Reflecting on hope, violence and peace

10 Sep, 2019 - 00:09 0 Views
Reflecting on hope, violence and peace Oftentimes nuclear weapons are projected as being more perilous when they are in the possession of supposedly smaller and insignificant states, and less lethal if they are in the hands of mighty states

The Herald

Elliot Ziwira Senior Writer
Raging storms may torment us, hunger may strike us numb, and hardships stalk us as if they were created for our lot; but all that cannot beat hope, for there is no condition that is permanent.

All that we cherish and aspire for only thrive in a peaceful environment, for violence only begets violence in its facets — physical, psychological, emotional and mental. Without peace we are doomed, and with doom comes hopelessness.

Facebook, Twitter, Instagram and WhatsApp “heroes”, who beam the firestorms of the blasts in our midst, the eruptions of our dreams, through gold-rimmed lenses, and project them on gigantic screens on the anthills of our suffering, over glasses of whisky and in whiffs of rich cigar smoke, are not what we aspire for.

Such social media “heroes” should be ignored, for they are divorced from the reality of our land; the reality of our struggles. Oftentimes nuclear weapons are projected as being more perilous when they are in the possession of supposedly smaller and insignificant states, and less lethal if they are in the hands of mighty states.

Either for single or mass destruction, all weaponry is dangerous, for its main purpose is to destroy and nothing else. Isn’t it curious that negotiations the world over would never come to fruition without the use of coercion, brutality or war?

All peace truces are an outcome of conflict through wars — bloodied peace. But should it always be like that? As a global village; as a nation wouldn’t we be mature enough to enlighten ourselves and our young people on the essence of peace, not by snatching explosives from them, but by impressing on them that nothing has ever been born of violence, except more violence; and that weapons are dangerous no matter in whose hands they are?

Truly, hope is the aviator of our dreams, without which all our aspirations are doomed. As certain as the sun shall rise tomorrow — indisputable as the fact that death flourishes in life — and that hurt is love’s bedfellow, hope should always be given a chance, although many a time it may seem hopeless; so that our cherished flowers do not perish in the dry season of our toils.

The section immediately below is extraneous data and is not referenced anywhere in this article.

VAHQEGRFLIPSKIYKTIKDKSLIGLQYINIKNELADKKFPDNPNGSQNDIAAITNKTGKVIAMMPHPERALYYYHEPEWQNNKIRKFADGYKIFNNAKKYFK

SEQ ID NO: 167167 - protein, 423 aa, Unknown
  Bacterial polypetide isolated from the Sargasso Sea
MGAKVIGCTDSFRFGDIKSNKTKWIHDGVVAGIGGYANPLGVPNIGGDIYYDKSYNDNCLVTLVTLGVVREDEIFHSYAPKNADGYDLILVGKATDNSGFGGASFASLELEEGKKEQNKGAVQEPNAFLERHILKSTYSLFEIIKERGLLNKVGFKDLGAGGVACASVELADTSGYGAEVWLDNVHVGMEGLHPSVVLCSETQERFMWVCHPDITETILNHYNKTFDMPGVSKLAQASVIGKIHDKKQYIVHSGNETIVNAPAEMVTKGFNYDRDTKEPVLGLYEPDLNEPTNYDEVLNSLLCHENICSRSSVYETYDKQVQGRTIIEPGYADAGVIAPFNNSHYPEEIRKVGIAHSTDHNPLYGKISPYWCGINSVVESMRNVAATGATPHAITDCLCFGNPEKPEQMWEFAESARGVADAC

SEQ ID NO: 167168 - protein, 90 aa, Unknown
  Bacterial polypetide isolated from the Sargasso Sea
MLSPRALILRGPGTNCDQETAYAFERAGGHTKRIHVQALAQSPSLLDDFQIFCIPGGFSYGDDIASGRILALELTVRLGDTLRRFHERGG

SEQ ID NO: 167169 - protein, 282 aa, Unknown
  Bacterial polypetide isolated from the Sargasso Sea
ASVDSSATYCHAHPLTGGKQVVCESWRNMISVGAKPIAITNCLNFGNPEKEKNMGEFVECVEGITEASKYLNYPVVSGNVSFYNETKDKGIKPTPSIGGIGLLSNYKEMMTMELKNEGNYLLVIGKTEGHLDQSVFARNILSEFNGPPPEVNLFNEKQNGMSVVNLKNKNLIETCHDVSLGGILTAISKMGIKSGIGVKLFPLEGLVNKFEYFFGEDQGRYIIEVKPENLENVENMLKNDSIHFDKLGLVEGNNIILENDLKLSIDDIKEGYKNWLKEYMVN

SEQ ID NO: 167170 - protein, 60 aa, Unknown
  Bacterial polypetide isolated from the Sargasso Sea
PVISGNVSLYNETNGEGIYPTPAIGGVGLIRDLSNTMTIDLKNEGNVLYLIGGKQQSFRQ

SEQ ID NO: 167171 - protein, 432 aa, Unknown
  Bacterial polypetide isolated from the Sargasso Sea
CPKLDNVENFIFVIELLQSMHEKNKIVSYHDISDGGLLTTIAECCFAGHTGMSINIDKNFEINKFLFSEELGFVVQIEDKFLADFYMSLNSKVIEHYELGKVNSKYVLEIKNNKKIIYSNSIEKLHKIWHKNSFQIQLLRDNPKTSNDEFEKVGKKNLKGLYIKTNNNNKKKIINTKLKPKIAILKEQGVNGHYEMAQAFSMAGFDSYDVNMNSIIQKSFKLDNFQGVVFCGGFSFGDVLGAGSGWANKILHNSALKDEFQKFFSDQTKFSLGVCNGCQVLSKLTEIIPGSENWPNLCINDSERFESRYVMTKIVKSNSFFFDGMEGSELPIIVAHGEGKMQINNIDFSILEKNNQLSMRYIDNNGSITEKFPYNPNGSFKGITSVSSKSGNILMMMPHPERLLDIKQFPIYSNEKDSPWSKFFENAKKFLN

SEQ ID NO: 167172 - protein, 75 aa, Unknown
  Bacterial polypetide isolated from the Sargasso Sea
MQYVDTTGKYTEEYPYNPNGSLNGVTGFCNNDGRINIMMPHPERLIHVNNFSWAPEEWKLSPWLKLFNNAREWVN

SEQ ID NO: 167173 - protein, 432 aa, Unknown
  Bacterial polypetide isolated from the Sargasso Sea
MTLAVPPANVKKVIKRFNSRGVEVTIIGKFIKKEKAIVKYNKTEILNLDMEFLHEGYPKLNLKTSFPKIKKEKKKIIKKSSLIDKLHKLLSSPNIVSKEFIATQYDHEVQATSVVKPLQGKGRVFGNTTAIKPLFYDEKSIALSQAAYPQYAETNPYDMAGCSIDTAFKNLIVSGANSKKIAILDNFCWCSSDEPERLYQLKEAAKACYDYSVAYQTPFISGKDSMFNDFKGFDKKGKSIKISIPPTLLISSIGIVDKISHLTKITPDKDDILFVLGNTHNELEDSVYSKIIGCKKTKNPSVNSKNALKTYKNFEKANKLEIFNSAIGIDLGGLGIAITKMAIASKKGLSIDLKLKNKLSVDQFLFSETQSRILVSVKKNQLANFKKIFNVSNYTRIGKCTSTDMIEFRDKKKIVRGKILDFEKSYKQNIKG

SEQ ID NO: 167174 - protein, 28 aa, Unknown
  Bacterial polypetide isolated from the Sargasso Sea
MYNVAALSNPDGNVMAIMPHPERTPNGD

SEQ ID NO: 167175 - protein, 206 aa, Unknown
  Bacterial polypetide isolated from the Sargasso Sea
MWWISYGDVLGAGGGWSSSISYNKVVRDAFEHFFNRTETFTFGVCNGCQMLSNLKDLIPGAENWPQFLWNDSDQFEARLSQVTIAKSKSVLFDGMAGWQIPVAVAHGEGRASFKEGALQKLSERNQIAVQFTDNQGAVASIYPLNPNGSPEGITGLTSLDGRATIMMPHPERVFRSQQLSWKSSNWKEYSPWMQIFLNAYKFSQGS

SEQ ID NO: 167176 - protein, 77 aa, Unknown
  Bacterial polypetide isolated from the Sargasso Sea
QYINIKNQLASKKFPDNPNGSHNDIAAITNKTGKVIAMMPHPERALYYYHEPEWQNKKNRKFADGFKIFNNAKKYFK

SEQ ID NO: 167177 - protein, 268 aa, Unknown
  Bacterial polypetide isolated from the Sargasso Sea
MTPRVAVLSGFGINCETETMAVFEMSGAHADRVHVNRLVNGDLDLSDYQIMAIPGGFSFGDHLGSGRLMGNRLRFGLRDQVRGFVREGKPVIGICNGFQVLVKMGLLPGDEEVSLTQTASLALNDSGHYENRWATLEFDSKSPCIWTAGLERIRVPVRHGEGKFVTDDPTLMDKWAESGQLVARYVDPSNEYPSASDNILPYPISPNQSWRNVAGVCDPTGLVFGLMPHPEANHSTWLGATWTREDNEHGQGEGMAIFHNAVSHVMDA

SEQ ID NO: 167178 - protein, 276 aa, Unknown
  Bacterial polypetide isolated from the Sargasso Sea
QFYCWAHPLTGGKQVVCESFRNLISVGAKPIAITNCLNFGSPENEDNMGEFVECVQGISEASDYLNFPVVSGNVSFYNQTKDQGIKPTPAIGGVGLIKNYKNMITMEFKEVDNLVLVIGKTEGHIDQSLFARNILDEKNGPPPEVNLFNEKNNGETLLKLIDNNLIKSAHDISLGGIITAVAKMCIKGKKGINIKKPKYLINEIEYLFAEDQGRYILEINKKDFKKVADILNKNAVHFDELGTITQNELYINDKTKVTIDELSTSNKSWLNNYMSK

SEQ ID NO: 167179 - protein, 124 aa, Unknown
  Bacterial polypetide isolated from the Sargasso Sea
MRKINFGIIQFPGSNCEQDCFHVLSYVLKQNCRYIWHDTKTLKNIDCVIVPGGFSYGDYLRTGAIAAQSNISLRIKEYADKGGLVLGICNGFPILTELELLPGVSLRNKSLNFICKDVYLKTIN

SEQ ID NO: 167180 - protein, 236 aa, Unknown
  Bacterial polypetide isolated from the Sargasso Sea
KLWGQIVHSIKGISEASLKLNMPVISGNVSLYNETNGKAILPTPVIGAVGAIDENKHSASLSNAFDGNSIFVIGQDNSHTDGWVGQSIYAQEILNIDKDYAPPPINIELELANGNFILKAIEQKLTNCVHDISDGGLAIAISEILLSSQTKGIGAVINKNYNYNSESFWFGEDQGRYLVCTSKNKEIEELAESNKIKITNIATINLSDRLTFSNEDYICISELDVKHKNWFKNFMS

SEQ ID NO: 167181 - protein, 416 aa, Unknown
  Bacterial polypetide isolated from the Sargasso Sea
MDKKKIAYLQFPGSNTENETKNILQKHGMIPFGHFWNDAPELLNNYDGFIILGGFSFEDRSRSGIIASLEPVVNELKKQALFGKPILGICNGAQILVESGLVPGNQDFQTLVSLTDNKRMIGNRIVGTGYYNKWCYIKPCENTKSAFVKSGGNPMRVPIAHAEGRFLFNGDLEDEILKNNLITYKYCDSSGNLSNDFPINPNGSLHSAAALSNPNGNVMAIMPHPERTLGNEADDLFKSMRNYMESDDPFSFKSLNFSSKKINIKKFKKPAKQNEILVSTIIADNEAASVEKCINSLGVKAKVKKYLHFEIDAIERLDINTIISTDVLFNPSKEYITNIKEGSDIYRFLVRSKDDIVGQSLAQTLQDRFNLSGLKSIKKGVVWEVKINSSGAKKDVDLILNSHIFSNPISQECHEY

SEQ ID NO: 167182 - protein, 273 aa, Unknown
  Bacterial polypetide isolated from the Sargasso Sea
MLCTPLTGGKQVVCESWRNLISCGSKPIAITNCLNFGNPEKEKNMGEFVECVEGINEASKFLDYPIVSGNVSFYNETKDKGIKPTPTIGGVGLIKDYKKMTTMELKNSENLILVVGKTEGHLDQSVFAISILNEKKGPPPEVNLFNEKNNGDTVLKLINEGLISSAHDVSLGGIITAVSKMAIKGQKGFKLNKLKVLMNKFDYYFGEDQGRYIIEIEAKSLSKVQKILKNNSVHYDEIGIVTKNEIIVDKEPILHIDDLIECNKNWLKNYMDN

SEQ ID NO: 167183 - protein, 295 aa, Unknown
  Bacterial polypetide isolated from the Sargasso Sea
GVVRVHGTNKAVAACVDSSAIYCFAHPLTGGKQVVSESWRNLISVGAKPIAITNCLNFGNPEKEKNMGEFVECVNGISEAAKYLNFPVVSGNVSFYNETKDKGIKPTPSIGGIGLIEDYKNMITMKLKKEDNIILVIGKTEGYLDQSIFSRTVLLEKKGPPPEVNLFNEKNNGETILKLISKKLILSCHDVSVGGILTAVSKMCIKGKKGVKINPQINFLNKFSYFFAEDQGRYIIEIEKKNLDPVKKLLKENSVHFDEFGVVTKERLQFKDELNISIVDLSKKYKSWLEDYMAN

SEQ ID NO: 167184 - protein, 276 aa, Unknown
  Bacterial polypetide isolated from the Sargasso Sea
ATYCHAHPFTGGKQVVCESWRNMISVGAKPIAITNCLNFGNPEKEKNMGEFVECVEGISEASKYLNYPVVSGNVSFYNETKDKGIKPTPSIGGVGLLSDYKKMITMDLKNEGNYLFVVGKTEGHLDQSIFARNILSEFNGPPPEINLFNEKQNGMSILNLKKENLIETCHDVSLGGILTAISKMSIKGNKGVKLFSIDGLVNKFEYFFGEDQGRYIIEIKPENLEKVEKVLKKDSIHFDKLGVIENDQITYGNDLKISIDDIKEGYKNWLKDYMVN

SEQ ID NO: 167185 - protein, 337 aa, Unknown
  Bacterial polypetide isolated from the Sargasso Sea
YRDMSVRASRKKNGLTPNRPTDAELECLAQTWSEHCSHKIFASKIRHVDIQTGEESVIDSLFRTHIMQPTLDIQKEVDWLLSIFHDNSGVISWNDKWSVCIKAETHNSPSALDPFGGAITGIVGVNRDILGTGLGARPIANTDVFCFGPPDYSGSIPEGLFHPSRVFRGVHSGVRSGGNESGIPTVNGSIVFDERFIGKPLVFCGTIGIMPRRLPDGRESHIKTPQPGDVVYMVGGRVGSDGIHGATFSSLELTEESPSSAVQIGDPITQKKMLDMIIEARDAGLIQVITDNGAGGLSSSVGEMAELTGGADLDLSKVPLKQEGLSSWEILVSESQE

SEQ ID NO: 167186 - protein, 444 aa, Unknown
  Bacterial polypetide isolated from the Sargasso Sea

Indeed, pain is the forerunner to gain, moss the zenith of loss; and the rainbow, God’s promise not to bring another deluge of Noah’s days, comes after a storm.

We all want to be happy and lead fruitful lives, true, but who is responsible for that happiness or its absence in our lives? Happiness is a condition or state of mind rather, whose existence cannot be hidden, but whose source is ensconced in our hearts; no matter how many heartbreaks life might have dropped our way.

There are seasons in life, different seasons surely, but each of them comes as a result of the receding and passing of another; such is the circle of things. We plant our flowers in the rainy season, hoping that the dry season might not see us napping; without giving much heed to the tempests that come with the rains, scuttling our hopes, uprooting them and exposing them for all and sundry to have a field day at our expense; yet all our fears manifest in the dry season.

But can it be trite to say that it is the dry season that teaches us to store our grain, and to pick the best seeds in preparation for the vagaries that nature strews our way? A good flower is not determined by the way it blooms in spring, nor the way it luxuriates in summer, but by the way it withstands the dry season. If it is born of a weak seed, that cracks open in the wake of the scorching sun, then the farmer’s joy is only but ephemeral.

Fate gives no man no choice, as the deck of life deals cards randomly; making every hand a winner, and every hand equally a loser. It is up to all of us to turn the odds to our favour by playing well those cards dealt to us and paying close attention to how others play theirs.

Downpours may always seem to be meant for us in equal measure to the shimmering sun on our sprouting flowers, but it is in such situations that our mettle is tested. And to start with gentle citizen, friend, and countryman, reflect on what makes us one; on our nationhood and locate yourself in the miasmic orbit that takes your dreams to heights untold. Our possibilities as a nation are limitless, if our desire is to be better than we were yesterday.

It may be worth our while if we shun individualism, deceit, avarice and violence, because no nation strives in strife. Although we may be clad in different claes, and have our own separate melodies, we can reach a therapeutic crescendo if our telepathy leads us to a cirque that resonates with share hope.

If we own up to our foibles, it is only possible to redeem ourselves from the jaws of the monster that creeps from within our bellies — an orgy of our creation, for the common good of our nation.

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